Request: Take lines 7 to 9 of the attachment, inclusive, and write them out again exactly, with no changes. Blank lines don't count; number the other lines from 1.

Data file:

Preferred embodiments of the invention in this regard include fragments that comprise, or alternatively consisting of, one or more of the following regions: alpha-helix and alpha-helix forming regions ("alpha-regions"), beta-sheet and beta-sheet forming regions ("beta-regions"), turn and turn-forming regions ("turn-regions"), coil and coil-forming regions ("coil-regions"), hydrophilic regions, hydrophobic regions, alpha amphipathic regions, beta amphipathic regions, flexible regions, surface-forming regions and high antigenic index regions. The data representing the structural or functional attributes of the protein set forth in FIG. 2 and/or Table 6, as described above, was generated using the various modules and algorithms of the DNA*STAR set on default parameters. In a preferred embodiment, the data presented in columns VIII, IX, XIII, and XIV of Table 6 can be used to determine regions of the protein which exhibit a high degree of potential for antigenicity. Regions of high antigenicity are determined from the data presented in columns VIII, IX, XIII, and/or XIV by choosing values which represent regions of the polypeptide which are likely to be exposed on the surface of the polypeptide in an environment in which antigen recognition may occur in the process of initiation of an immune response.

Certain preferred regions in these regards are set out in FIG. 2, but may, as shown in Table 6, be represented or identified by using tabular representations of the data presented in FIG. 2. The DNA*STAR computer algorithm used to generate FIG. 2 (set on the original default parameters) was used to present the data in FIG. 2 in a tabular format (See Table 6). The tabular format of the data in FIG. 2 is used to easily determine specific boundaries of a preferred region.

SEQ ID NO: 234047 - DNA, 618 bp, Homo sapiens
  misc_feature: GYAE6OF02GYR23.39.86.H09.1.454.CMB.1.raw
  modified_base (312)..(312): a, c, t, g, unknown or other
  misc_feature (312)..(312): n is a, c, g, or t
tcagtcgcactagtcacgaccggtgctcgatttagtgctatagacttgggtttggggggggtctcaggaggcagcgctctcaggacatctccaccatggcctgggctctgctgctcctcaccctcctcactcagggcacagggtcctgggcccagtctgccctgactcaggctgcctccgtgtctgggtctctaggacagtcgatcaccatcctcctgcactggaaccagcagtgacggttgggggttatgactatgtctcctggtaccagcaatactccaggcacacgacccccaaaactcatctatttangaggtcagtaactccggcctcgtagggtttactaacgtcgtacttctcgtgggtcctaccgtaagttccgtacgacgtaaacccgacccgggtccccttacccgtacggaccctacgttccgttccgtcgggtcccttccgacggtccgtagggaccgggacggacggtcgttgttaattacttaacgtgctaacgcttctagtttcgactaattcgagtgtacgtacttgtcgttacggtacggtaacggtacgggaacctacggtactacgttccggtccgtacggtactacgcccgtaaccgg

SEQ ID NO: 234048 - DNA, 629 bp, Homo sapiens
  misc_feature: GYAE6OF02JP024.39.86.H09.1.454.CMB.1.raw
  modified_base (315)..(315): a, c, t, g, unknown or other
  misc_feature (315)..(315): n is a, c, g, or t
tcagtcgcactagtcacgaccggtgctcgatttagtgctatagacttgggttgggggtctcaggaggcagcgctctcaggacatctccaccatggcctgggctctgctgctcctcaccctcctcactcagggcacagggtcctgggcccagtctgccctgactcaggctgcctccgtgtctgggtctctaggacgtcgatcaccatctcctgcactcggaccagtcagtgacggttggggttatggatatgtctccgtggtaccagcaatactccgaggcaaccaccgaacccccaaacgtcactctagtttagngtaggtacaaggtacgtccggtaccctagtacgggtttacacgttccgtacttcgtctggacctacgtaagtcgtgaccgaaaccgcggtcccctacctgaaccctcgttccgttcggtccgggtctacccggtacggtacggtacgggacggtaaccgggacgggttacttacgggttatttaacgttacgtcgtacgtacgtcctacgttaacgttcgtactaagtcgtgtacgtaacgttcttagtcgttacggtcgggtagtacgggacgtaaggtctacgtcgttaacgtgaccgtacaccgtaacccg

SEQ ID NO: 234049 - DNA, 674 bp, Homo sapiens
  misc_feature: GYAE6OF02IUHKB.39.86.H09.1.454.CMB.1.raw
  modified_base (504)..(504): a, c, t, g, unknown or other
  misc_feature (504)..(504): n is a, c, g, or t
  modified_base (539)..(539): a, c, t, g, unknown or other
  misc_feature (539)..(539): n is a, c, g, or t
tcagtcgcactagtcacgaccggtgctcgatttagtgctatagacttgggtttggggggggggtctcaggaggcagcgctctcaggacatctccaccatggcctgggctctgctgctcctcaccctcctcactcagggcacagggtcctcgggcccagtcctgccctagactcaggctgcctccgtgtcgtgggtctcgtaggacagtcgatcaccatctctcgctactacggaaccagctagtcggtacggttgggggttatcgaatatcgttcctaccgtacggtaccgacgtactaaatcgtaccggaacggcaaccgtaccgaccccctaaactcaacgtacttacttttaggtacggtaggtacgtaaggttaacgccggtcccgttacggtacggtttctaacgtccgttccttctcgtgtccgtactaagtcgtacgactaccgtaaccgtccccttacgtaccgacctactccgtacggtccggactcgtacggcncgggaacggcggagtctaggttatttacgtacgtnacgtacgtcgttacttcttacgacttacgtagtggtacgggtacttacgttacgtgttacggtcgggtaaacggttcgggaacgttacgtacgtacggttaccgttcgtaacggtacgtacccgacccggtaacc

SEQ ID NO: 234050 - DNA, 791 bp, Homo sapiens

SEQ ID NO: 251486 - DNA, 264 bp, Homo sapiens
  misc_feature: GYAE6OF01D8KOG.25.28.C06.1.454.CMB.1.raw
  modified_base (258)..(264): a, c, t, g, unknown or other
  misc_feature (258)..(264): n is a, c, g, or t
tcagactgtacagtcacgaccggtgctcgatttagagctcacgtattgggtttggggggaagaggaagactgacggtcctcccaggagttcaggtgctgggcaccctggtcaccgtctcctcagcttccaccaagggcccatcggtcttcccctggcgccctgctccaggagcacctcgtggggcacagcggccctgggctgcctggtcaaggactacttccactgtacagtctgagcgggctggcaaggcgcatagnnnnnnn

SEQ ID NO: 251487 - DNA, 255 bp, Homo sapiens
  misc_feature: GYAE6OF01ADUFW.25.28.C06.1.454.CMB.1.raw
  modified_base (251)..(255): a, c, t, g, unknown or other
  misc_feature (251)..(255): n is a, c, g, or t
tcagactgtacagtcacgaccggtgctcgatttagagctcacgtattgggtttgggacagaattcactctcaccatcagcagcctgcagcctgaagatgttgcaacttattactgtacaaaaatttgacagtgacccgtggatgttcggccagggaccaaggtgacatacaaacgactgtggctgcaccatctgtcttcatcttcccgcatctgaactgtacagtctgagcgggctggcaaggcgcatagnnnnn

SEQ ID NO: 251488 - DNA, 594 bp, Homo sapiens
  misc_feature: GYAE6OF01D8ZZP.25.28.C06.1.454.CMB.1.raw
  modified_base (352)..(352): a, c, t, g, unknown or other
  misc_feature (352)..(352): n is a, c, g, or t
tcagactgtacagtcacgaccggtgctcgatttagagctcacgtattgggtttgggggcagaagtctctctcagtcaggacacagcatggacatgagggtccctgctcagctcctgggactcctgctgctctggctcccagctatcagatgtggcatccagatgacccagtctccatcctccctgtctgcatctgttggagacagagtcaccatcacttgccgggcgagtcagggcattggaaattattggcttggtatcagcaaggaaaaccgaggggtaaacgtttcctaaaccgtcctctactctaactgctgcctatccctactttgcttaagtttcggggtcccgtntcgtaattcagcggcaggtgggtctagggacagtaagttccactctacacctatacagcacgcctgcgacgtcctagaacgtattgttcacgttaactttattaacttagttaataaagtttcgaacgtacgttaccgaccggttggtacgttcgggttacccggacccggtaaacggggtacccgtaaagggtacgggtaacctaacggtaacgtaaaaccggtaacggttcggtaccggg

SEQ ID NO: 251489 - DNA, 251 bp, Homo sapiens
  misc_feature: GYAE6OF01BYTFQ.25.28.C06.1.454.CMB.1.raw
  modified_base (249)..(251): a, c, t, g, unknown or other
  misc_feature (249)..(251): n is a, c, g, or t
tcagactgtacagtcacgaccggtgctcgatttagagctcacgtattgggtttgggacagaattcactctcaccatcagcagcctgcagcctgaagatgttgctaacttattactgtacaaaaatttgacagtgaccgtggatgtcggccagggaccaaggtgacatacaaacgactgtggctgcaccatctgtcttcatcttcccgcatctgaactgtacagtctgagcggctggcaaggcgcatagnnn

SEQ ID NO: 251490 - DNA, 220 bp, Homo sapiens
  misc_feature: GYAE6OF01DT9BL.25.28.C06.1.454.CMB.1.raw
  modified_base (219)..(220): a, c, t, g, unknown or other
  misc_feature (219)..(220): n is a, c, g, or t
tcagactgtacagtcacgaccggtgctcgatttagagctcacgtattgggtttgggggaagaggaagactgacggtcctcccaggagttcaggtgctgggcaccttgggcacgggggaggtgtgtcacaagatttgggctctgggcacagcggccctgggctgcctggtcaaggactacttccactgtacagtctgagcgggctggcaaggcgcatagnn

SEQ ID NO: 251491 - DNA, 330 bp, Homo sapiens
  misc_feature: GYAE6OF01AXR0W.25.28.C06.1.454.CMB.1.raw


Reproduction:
tcagtcgcactagtcacgaccggtgctcgatttagtgctatagacttgggtttggggggggtctcaggaggcagcgctctcaggacatctccaccatggcctgggctctgctgctcctcaccctcctcactcagggcacagggtcctgggcccagtctgccctgactcaggctgcctccgtgtctgggtctctaggacagtcgatcaccatcctcctgcactggaaccagcagtgacggttgggggttatgactatgtctcctggtaccagcaatactccaggcacacgacccccaaaactcatctatttangaggtcagtaactccggcctcgtagggtttactaacgtcgtacttctcgtgggtcctaccgtaagttccgtacgacgtaaacccgacccgggtccccttacccgtacggaccctacgttccgttccgtcgggtcccttccgacggtccgtagggaccgggacggacggtcgttgttaattacttaacgtgctaacgcttctagtttcgactaattcgagtgtacgtacttgtcgttacggtacggtaacggtacgggaacctacggtactacgttccggtccgtacggtactacgcccgtaaccgg

SEQ ID NO: 234048 - DNA, 629 bp, Homo sapiens
  misc_feature: GYAE6OF02JP024.39.86.H09.1.454.CMB.1.raw